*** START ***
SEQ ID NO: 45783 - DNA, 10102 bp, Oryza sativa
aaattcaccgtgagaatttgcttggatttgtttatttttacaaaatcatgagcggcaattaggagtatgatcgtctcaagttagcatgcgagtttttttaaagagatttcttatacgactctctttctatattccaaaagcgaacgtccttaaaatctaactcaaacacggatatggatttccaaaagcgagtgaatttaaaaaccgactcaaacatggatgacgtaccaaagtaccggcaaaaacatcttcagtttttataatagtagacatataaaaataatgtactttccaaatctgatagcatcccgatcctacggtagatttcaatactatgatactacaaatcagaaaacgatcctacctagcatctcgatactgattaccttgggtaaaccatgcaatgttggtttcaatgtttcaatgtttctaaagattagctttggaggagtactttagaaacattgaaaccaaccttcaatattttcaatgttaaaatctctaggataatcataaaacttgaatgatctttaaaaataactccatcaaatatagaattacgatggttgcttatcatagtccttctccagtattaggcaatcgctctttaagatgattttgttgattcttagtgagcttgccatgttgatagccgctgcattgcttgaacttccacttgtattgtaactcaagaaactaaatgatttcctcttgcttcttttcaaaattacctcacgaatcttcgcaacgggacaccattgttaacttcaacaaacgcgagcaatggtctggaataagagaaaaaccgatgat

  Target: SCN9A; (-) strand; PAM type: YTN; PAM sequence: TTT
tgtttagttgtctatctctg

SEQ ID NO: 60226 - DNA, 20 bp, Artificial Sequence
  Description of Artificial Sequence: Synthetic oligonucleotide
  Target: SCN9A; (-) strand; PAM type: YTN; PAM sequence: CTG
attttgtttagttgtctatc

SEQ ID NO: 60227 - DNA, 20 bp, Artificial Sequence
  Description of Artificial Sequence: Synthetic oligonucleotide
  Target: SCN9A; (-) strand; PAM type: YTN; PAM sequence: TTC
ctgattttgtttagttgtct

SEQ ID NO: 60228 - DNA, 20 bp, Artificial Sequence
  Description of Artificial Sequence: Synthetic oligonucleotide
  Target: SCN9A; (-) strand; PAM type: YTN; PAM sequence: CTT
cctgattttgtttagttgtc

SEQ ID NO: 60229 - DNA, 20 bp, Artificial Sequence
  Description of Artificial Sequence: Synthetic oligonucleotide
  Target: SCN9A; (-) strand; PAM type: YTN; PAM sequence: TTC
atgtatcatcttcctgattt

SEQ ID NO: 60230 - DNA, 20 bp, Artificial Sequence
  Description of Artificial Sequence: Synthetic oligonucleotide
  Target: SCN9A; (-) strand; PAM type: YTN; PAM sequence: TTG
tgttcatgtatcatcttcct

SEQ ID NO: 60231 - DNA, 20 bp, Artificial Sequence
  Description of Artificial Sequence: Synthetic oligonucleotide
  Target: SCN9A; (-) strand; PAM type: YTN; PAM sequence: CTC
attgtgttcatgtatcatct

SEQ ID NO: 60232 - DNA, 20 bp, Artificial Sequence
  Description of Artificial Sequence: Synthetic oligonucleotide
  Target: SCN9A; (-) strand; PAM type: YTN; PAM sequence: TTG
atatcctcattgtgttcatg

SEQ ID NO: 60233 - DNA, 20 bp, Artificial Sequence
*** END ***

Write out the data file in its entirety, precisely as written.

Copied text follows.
SEQ ID NO: 45783 - DNA, 10102 bp, Oryza sativa
aaattcaccgtgagaatttgcttggatttgtttatttttacaaaatcatgagcggcaattaggagtatgatcgtctcaagttagcatgcgagtttttttaaagagatttcttatacgactctctttctatattccaaaagcgaacgtccttaaaatctaactcaaacacggatatggatttccaaaagcgagtgaatttaaaaaccgactcaaacatggatgacgtaccaaagtaccggcaaaaacatcttcagtttttataatagtagacatataaaaataatgtactttccaaatctgatagcatcccgatcctacggtagatttcaatactatgatactacaaatcagaaaacgatcctacctagcatctcgatactgattaccttgggtaaaccatgcaatgttggtttcaatgtttcaatgtttctaaagattagctttggaggagtactttagaaacattgaaaccaaccttcaatattttcaatgttaaaatctctaggataatcataaaacttgaatgatctttaaaaataactccatcaaatatagaattacgatggttgcttatcatagtccttctccagtattaggcaatcgctctttaagatgattttgttgattcttagtgagcttgccatgttgatagccgctgcattgcttgaacttccacttgtattgtaactcaagaaactaaatgatttcctcttgcttcttttcaaaattacctcacgaatcttcgcaacgggacaccattgttaacttcaacaaacgcgagcaatggtctggaataagagaaaaaccgatgat

  Target: SCN9A; (-) strand; PAM type: YTN; PAM sequence: TTT
tgtttagttgtctatctctg

SEQ ID NO: 60226 - DNA, 20 bp, Artificial Sequence
  Description of Artificial Sequence: Synthetic oligonucleotide
  Target: SCN9A; (-) strand; PAM type: YTN; PAM sequence: CTG
attttgtttagttgtctatc

SEQ ID NO: 60227 - DNA, 20 bp, Artificial Sequence
  Description of Artificial Sequence: Synthetic oligonucleotide
  Target: SCN9A; (-) strand; PAM type: YTN; PAM sequence: TTC
ctgattttgtttagttgtct

SEQ ID NO: 60228 - DNA, 20 bp, Artificial Sequence
  Description of Artificial Sequence: Synthetic oligonucleotide
  Target: SCN9A; (-) strand; PAM type: YTN; PAM sequence: CTT
cctgattttgtttagttgtc

SEQ ID NO: 60229 - DNA, 20 bp, Artificial Sequence
  Description of Artificial Sequence: Synthetic oligonucleotide
  Target: SCN9A; (-) strand; PAM type: YTN; PAM sequence: TTC
atgtatcatcttcctgattt

SEQ ID NO: 60230 - DNA, 20 bp, Artificial Sequence
  Description of Artificial Sequence: Synthetic oligonucleotide
  Target: SCN9A; (-) strand; PAM type: YTN; PAM sequence: TTG
tgttcatgtatcatcttcct

SEQ ID NO: 60231 - DNA, 20 bp, Artificial Sequence
  Description of Artificial Sequence: Synthetic oligonucleotide
  Target: SCN9A; (-) strand; PAM type: YTN; PAM sequence: CTC
attgtgttcatgtatcatct

SEQ ID NO: 60232 - DNA, 20 bp, Artificial Sequence
  Description of Artificial Sequence: Synthetic oligonucleotide
  Target: SCN9A; (-) strand; PAM type: YTN; PAM sequence: TTG
atatcctcattgtgttcatg

SEQ ID NO: 60233 - DNA, 20 bp, Artificial Sequence